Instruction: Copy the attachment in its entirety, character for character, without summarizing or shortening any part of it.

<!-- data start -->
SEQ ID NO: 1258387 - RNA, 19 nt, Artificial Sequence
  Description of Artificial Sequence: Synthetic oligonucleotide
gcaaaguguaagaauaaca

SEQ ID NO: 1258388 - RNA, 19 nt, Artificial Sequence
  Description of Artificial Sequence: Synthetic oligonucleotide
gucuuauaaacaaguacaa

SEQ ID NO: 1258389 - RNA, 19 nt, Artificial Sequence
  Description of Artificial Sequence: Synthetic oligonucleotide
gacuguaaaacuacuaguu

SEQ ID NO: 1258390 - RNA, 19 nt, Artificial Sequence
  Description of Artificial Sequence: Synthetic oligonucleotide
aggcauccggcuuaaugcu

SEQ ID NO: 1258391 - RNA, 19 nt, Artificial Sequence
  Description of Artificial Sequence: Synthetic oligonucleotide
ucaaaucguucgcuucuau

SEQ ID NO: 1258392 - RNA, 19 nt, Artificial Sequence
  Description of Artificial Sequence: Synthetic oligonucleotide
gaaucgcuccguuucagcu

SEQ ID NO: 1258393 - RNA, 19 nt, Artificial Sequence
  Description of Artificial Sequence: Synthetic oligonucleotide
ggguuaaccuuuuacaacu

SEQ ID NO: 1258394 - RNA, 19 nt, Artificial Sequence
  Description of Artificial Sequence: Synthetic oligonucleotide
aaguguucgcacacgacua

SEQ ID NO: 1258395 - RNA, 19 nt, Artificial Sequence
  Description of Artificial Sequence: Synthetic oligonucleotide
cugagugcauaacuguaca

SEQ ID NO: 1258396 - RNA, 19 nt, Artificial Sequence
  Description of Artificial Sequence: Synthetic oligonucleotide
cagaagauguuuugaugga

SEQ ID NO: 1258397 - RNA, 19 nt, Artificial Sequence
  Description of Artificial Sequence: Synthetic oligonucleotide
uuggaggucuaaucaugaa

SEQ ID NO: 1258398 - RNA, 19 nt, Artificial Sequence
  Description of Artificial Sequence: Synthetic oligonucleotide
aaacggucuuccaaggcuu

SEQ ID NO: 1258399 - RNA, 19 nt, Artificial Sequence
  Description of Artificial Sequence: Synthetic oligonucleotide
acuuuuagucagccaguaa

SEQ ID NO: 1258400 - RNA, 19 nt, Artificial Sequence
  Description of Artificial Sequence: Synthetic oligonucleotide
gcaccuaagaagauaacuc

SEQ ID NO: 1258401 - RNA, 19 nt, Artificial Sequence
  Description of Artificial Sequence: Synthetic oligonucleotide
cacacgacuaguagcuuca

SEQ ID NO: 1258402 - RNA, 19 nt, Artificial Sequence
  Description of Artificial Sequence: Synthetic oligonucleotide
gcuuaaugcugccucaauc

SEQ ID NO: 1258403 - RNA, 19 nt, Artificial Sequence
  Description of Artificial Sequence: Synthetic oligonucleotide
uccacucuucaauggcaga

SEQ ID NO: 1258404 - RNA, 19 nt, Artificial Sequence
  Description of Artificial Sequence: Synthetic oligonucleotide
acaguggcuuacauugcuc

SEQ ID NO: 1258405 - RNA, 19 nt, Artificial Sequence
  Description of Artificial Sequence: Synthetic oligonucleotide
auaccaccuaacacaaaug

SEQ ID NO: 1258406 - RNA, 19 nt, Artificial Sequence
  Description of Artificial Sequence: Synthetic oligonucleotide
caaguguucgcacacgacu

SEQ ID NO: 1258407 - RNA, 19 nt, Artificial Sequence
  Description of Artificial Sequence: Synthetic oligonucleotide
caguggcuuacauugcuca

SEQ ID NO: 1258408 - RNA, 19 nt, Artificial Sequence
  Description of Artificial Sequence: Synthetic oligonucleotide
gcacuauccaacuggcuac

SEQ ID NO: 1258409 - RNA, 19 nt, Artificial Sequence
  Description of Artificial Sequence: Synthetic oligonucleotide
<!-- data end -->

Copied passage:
SEQ ID NO: 1258387 - RNA, 19 nt, Artificial Sequence
  Description of Artificial Sequence: Synthetic oligonucleotide
gcaaaguguaagaauaaca

SEQ ID NO: 1258388 - RNA, 19 nt, Artificial Sequence
  Description of Artificial Sequence: Synthetic oligonucleotide
gucuuauaaacaaguacaa

SEQ ID NO: 1258389 - RNA, 19 nt, Artificial Sequence
  Description of Artificial Sequence: Synthetic oligonucleotide
gacuguaaaacuacuaguu

SEQ ID NO: 1258390 - RNA, 19 nt, Artificial Sequence
  Description of Artificial Sequence: Synthetic oligonucleotide
aggcauccggcuuaaugcu

SEQ ID NO: 1258391 - RNA, 19 nt, Artificial Sequence
  Description of Artificial Sequence: Synthetic oligonucleotide
ucaaaucguucgcuucuau

SEQ ID NO: 1258392 - RNA, 19 nt, Artificial Sequence
  Description of Artificial Sequence: Synthetic oligonucleotide
gaaucgcuccguuucagcu

SEQ ID NO: 1258393 - RNA, 19 nt, Artificial Sequence
  Description of Artificial Sequence: Synthetic oligonucleotide
ggguuaaccuuuuacaacu

SEQ ID NO: 1258394 - RNA, 19 nt, Artificial Sequence
  Description of Artificial Sequence: Synthetic oligonucleotide
aaguguucgcacacgacua

SEQ ID NO: 1258395 - RNA, 19 nt, Artificial Sequence
  Description of Artificial Sequence: Synthetic oligonucleotide
cugagugcauaacuguaca

SEQ ID NO: 1258396 - RNA, 19 nt, Artificial Sequence
  Description of Artificial Sequence: Synthetic oligonucleotide
cagaagauguuuugaugga

SEQ ID NO: 1258397 - RNA, 19 nt, Artificial Sequence
  Description of Artificial Sequence: Synthetic oligonucleotide
uuggaggucuaaucaugaa

SEQ ID NO: 1258398 - RNA, 19 nt, Artificial Sequence
  Description of Artificial Sequence: Synthetic oligonucleotide
aaacggucuuccaaggcuu

SEQ ID NO: 1258399 - RNA, 19 nt, Artificial Sequence
  Description of Artificial Sequence: Synthetic oligonucleotide
acuuuuagucagccaguaa

SEQ ID NO: 1258400 - RNA, 19 nt, Artificial Sequence
  Description of Artificial Sequence: Synthetic oligonucleotide
gcaccuaagaagauaacuc

SEQ ID NO: 1258401 - RNA, 19 nt, Artificial Sequence
  Description of Artificial Sequence: Synthetic oligonucleotide
cacacgacuaguagcuuca

SEQ ID NO: 1258402 - RNA, 19 nt, Artificial Sequence
  Description of Artificial Sequence: Synthetic oligonucleotide
gcuuaaugcugccucaauc

SEQ ID NO: 1258403 - RNA, 19 nt, Artificial Sequence
  Description of Artificial Sequence: Synthetic oligonucleotide
uccacucuucaauggcaga

SEQ ID NO: 1258404 - RNA, 19 nt, Artificial Sequence
  Description of Artificial Sequence: Synthetic oligonucleotide
acaguggcuuacauugcuc

SEQ ID NO: 1258405 - RNA, 19 nt, Artificial Sequence
  Description of Artificial Sequence: Synthetic oligonucleotide
auaccaccuaacacaaaug

SEQ ID NO: 1258406 - RNA, 19 nt, Artificial Sequence
  Description of Artificial Sequence: Synthetic oligonucleotide
caaguguucgcacacgacu

SEQ ID NO: 1258407 - RNA, 19 nt, Artificial Sequence
  Description of Artificial Sequence: Synthetic oligonucleotide
caguggcuuacauugcuca

SEQ ID NO: 1258408 - RNA, 19 nt, Artificial Sequence
  Description of Artificial Sequence: Synthetic oligonucleotide
gcacuauccaacuggcuac

SEQ ID NO: 1258409 - RNA, 19 nt, Artificial Sequence
  Description of Artificial Sequence: Synthetic oligonucleotide